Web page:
Tekkonkinkreet

Tekkonkinkreet

Director: Himaki Ando, Hiroaki Ando, Michael Arias Cast: Min Tanaka
4.8 6

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Tekkonkinkreet 4.8 out of 5 based on 0 ratings. 6 reviews.
Anonymous More than 1 year ago
LeeLeeACG More than 1 year ago
This mind blowing work of art is the most amazing journey I have ever had in an anime!
Sleighbell More than 1 year ago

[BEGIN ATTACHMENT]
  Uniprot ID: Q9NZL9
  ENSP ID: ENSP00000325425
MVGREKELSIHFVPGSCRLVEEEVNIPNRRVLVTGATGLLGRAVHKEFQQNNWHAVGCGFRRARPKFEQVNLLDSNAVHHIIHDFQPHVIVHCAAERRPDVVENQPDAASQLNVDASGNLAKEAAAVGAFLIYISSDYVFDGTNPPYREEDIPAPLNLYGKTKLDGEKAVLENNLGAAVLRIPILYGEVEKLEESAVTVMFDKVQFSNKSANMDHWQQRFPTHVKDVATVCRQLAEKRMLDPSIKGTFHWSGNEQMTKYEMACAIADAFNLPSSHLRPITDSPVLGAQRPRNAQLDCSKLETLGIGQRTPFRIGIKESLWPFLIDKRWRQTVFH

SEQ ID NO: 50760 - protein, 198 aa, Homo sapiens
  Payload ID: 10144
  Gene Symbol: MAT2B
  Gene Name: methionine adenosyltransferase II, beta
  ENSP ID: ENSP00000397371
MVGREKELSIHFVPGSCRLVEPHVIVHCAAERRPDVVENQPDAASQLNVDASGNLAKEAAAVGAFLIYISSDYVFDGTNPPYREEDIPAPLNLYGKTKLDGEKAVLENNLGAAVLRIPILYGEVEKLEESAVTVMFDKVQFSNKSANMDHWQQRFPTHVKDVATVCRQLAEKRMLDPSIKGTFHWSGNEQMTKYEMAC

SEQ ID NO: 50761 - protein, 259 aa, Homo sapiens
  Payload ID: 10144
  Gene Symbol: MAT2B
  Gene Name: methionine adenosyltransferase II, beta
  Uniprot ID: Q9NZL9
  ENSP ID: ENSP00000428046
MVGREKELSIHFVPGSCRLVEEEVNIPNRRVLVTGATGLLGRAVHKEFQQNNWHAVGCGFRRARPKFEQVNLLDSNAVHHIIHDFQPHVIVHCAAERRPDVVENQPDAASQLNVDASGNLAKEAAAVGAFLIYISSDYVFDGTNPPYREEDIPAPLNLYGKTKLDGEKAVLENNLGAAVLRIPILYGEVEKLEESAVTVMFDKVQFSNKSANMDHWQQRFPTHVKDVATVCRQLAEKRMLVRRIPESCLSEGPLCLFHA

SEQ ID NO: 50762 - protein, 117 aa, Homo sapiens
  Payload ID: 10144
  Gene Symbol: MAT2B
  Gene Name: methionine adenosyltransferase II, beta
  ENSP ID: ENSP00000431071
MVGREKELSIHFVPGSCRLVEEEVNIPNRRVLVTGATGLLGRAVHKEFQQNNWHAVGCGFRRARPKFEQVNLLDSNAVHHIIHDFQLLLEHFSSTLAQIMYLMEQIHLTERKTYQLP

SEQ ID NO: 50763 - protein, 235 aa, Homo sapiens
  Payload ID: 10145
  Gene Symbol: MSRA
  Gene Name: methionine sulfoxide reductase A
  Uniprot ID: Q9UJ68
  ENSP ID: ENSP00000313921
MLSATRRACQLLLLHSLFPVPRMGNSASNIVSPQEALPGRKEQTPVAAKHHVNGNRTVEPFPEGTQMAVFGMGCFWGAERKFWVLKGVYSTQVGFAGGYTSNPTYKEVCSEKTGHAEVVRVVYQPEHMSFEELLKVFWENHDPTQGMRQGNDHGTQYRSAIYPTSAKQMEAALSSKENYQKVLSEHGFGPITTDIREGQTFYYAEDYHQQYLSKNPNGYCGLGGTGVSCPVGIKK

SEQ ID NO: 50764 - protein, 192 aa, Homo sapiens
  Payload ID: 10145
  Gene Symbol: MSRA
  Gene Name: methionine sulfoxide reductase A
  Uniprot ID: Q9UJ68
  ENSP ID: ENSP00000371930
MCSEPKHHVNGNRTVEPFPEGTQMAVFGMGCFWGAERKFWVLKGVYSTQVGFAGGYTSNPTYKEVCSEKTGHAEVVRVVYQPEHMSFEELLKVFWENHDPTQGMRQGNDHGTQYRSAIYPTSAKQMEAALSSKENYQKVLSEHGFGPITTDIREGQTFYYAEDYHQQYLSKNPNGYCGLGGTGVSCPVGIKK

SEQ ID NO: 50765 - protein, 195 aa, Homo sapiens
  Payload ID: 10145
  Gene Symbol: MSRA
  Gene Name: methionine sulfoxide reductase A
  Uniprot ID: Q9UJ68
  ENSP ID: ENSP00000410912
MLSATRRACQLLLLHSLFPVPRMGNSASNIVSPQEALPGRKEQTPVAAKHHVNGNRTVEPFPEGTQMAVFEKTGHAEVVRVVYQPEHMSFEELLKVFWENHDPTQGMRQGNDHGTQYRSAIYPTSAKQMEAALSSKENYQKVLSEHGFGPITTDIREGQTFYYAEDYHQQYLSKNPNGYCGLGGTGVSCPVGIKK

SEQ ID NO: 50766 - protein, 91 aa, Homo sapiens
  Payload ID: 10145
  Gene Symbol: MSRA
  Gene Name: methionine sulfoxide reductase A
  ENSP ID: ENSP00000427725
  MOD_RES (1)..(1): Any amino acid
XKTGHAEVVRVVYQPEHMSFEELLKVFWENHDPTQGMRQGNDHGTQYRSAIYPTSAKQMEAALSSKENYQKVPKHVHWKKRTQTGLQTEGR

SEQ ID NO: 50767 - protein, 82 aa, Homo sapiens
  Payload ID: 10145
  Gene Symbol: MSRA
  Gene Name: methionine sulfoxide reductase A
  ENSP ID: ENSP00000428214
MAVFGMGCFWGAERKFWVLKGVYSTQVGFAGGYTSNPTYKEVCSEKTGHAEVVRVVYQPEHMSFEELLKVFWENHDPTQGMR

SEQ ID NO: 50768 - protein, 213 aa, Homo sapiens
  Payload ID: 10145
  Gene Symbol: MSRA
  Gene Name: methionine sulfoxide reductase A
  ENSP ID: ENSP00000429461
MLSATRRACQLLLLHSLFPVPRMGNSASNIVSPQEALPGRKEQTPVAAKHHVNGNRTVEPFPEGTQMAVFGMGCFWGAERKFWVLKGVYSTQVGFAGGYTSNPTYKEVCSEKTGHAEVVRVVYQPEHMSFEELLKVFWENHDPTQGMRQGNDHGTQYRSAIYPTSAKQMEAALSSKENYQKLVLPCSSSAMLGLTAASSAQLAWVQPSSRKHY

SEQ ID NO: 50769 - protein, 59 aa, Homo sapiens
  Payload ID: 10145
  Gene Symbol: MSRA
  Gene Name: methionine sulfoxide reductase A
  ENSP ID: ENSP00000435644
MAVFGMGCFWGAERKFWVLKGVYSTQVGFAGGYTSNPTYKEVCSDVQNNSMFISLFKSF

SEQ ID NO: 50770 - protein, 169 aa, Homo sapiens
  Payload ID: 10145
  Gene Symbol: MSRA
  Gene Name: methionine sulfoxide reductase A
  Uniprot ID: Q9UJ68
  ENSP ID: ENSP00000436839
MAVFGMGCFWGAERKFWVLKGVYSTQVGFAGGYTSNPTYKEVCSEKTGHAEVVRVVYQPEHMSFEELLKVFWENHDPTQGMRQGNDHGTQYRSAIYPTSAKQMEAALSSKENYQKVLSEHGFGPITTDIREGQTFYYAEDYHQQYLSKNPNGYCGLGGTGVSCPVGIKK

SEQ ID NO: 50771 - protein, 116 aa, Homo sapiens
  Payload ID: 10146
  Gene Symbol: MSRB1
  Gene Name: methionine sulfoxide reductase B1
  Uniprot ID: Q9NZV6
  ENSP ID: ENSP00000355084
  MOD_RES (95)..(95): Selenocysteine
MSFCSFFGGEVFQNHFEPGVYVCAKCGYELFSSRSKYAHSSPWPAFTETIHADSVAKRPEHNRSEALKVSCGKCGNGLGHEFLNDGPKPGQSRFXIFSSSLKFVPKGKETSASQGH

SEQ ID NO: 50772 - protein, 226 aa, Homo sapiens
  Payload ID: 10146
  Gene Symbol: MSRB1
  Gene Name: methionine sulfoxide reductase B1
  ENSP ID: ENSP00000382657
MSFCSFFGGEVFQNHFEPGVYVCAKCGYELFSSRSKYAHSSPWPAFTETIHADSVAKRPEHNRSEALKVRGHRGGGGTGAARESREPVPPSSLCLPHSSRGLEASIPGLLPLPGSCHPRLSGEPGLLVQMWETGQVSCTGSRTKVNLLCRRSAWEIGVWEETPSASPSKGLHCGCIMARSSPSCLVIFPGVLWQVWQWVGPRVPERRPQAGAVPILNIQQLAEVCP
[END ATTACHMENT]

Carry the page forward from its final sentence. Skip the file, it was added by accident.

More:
*Note: I watched this film in the Japanese dialogue with English Subtitles. I really hate dubbing. This movie took me exceedingly by surprise. Knowing it was done by the graphic designers behind the Animatrix, I was expecting noteworthy graphics, but had lesser expectations for a plot, nor did I predict even a faint trace of such strong themes and depth that would soon grace the screen. Tekkonkinkreet tells the story of two orphan boys, Kuro and Shiro (Japanese for Black and White), who have grown up together in the harsh and villainous, gang-ridden and corrupt Treasure Town. The two are inseparable, literally. As the sweet, naive little Shiro puts it when advocating an maddened, violent and delusional Kuro (now -separate- from him), "Kuro may have a screw loose here and there. But Shiro has all the screws needed." Yes, he refers to himself in the third person. Outside of them, other stories mingle with their own, such as the fall of the lead Yakuza gang to a mysterious business-oriented newcomer looking to make Treasure Town more capitalist, and the ever-growing rumors of a character called the minotaur, both of which tie the climax of the film together brilliantly. The film is also visually astounding, almost three dimensional in its fast, wide-angled motions through the CGI Treasure Town. The camera cinematography reminds me alot of something Stanley Kubrick would do, had he gotten involved with this genre. The visuals are then paired very beautifully with a beautifully eclectic electronica soundtrack that blends into its surroundings with occasional circus music and distorted voices appearing here and there in the melodic synthesized tones, which change tempo and volume frequently to greatly affect the intensity of the scene. I highly recommend this movie for any occasion.
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